Practically all the time B-S-H bought was used for 15-and 30-minute dramatic serials spotted in the morning or afternoon to amuse housewives, and to push cereals, headache remedies, tooth paste, floor polish, cosmetics, etc. for 19 sponsors. For many of these spots B-S-H's great, straight-line script mill turned out at mass production prices Just Plain Bill, Second Husband, John's Other Wife, Romance of Helen Trent, Mr. Keen, Tracer of Lost Persons, Lorenzo Jones, Backstage Wife, Our Gal Sunday, Young Widder Brown, Stella Dallas, Alias Jimmy Valentine, David Harum. All these were ghostwritten by some 14 anonymous authors in the names of Adman Frank Hummert and his wife, Anne.

Fifteen years ago the firm Blackett & Sample was organized by Chicago Admen Hill Blackett and John Glen Sample. In 1927 E. (for Edward) Frank Hummert, longtime newspaperman, Liberty Loan slogan writer ("Bonds or Bondage") and pressagent, joined the firm as copy writing chief. In 1930 pretty, brown-haired Anne Ashenhurst, newspaperwoman, was hired to help him. With his young new aide, Frank Hummert discovered that the jackpot in the radio business was the serial "script show."

Their first was Just Plain Bill, a village barber, who has been spouting homely homilies for eight years. Others followed in profusion. By 1935, when Frank married Anne after the death of his first wife, both were vice presidents of the company, Frank with salary and commissions totaling some $117,000, Anne drawing a modest $21,000.

The Hummert mill produces 50 serial scripts a week, a total of some 6,500,000 words a year. In their Greenwich, Conn. home Frank and Anne figure out the trends of their serials four to six weeks in advance, dictate outlines to a battery of stenographers. Outline for an episode (Backstage Wife) may read something like this: "Suspecting that Cynthia Valcourt murdered Candy Dolan with Ward Ellman's gun, after Tess left the fiat, Mary, Larry and Ward rush to Tony Valcourt's penthouse to have a talk with Tony and Cynthia, having sent Tess Morgan to her apartment. Arriving at the penthouse, they are refused admittance by the butler. . . . If Cynthia gets away, Tess may take the rap for the crime. Can they save her? . . . What will Tess do?"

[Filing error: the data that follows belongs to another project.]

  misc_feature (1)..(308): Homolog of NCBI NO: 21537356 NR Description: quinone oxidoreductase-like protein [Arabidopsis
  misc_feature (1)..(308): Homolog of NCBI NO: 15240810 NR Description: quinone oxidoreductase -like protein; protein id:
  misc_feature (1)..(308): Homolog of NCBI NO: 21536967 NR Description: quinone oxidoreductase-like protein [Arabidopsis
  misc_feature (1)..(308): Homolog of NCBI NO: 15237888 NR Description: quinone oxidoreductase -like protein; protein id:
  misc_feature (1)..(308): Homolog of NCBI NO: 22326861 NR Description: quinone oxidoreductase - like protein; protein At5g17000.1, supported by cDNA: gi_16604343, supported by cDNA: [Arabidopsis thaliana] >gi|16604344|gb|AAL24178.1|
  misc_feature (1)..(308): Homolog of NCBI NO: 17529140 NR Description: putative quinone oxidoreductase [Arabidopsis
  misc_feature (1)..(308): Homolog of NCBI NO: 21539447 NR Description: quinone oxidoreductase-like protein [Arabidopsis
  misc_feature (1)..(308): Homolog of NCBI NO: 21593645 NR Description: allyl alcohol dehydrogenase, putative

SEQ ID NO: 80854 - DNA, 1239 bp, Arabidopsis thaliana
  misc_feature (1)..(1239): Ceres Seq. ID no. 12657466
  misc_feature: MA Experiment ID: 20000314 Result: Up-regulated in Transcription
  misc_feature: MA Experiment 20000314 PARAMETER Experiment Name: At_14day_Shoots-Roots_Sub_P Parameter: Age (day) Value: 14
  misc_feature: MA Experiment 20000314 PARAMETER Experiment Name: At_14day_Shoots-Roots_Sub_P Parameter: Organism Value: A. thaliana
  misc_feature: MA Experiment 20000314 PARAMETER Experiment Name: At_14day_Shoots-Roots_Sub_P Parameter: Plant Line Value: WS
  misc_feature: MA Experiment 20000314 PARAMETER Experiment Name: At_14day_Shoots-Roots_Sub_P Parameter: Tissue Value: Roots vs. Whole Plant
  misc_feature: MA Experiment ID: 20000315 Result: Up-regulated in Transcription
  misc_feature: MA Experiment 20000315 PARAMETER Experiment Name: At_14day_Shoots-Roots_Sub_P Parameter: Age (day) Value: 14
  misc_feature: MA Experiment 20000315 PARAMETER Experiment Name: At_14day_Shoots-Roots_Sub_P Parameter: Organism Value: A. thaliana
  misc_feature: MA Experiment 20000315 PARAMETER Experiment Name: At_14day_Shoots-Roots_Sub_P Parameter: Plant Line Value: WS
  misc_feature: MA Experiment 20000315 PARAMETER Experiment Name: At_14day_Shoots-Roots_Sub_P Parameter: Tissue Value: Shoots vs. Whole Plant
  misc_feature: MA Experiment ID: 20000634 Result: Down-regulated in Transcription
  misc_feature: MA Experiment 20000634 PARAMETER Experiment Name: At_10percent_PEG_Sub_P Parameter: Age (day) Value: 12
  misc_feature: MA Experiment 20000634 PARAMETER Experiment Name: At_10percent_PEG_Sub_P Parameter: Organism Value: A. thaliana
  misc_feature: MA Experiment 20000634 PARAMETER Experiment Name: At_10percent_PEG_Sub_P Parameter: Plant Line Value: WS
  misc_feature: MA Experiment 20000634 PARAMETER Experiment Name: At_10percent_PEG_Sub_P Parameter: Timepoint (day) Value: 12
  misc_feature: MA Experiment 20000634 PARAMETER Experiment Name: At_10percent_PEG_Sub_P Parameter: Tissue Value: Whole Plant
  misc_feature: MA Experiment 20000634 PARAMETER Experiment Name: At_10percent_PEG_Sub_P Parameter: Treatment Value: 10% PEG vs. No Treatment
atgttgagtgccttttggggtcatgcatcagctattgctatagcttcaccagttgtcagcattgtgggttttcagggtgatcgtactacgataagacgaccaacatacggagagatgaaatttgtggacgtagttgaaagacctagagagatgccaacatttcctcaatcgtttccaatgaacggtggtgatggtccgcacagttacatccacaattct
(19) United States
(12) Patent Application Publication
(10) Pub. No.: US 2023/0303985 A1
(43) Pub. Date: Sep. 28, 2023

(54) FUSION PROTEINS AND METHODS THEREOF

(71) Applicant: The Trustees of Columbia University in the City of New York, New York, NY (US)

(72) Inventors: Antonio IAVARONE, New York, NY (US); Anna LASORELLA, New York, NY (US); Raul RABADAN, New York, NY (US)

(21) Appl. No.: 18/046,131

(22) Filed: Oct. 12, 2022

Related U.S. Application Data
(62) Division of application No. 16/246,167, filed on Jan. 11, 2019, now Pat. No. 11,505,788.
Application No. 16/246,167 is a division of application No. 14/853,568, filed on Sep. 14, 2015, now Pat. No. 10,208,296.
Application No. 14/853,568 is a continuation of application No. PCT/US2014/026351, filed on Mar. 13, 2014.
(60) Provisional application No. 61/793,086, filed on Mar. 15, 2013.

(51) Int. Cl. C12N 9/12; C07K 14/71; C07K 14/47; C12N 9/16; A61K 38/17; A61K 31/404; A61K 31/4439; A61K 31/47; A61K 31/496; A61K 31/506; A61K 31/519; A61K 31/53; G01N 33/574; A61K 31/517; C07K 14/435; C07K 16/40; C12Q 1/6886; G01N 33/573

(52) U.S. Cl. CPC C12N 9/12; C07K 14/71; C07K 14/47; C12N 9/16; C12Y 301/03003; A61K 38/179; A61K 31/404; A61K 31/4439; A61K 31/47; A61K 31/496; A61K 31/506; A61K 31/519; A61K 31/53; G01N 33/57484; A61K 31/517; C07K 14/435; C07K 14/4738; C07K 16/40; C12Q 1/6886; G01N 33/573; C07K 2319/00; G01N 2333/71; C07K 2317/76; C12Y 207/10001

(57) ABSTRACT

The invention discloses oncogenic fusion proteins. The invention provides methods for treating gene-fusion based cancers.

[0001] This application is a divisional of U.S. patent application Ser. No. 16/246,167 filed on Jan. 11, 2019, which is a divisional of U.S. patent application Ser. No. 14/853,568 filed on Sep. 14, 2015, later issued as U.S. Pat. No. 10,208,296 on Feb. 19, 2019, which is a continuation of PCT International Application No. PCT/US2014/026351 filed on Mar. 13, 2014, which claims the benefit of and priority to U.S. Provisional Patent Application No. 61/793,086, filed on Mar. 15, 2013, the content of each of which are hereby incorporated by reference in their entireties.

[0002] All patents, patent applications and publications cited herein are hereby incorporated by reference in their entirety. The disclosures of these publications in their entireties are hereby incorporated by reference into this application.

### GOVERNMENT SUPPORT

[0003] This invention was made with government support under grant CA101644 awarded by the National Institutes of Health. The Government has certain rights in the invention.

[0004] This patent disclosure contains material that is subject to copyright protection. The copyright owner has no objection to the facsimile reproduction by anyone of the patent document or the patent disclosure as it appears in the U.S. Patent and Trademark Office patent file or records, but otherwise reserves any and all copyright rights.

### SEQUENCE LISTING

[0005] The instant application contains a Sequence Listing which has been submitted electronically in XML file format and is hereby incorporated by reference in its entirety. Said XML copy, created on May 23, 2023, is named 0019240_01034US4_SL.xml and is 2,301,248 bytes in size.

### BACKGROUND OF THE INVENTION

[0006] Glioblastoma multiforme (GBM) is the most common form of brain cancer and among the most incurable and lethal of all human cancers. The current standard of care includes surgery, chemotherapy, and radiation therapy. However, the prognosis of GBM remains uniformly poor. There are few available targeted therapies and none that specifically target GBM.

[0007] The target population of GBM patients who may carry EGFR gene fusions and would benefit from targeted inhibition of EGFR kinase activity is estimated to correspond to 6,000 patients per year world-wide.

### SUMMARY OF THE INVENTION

When a script is finished by the ghost writers it goes to an adjunct of the Hummert mill known as Air Features, Inc. for production. No Hummert ghost may even stick his nose inside Air Features' production studios.

By hiring dialogue writers, and not creators, the Hummerts save lots of money. Most serial writers in radio command $200 to $400 a week. For The Goldbergs, Gertrude Berg gets about $2,000. The Hummerts pay a minimum $25 per 15-minute script. Since most Hummert ghosts are glad to add caviar to bread-&-butter from other jobs, they have seldom squawked.

Last year the Hummerts began sending scripts to London to be Anglicized and broadcast from Normandy and Luxemburg to British listeners. Anglicizing largely involved changing cops to bobbies, dollars to pounds, Manhattan Merry-Go-Round to London Merry-Go-Round, Lorenzo Jones to Marmaduke Brown, and most writers felt that some fame or profit from this rebroadcasting should come to them. But every script that went abroad was prudently marked, like those used in the U. S.: "Authors—Frank and Anne Hummert," and B-S-H picked up all the chips.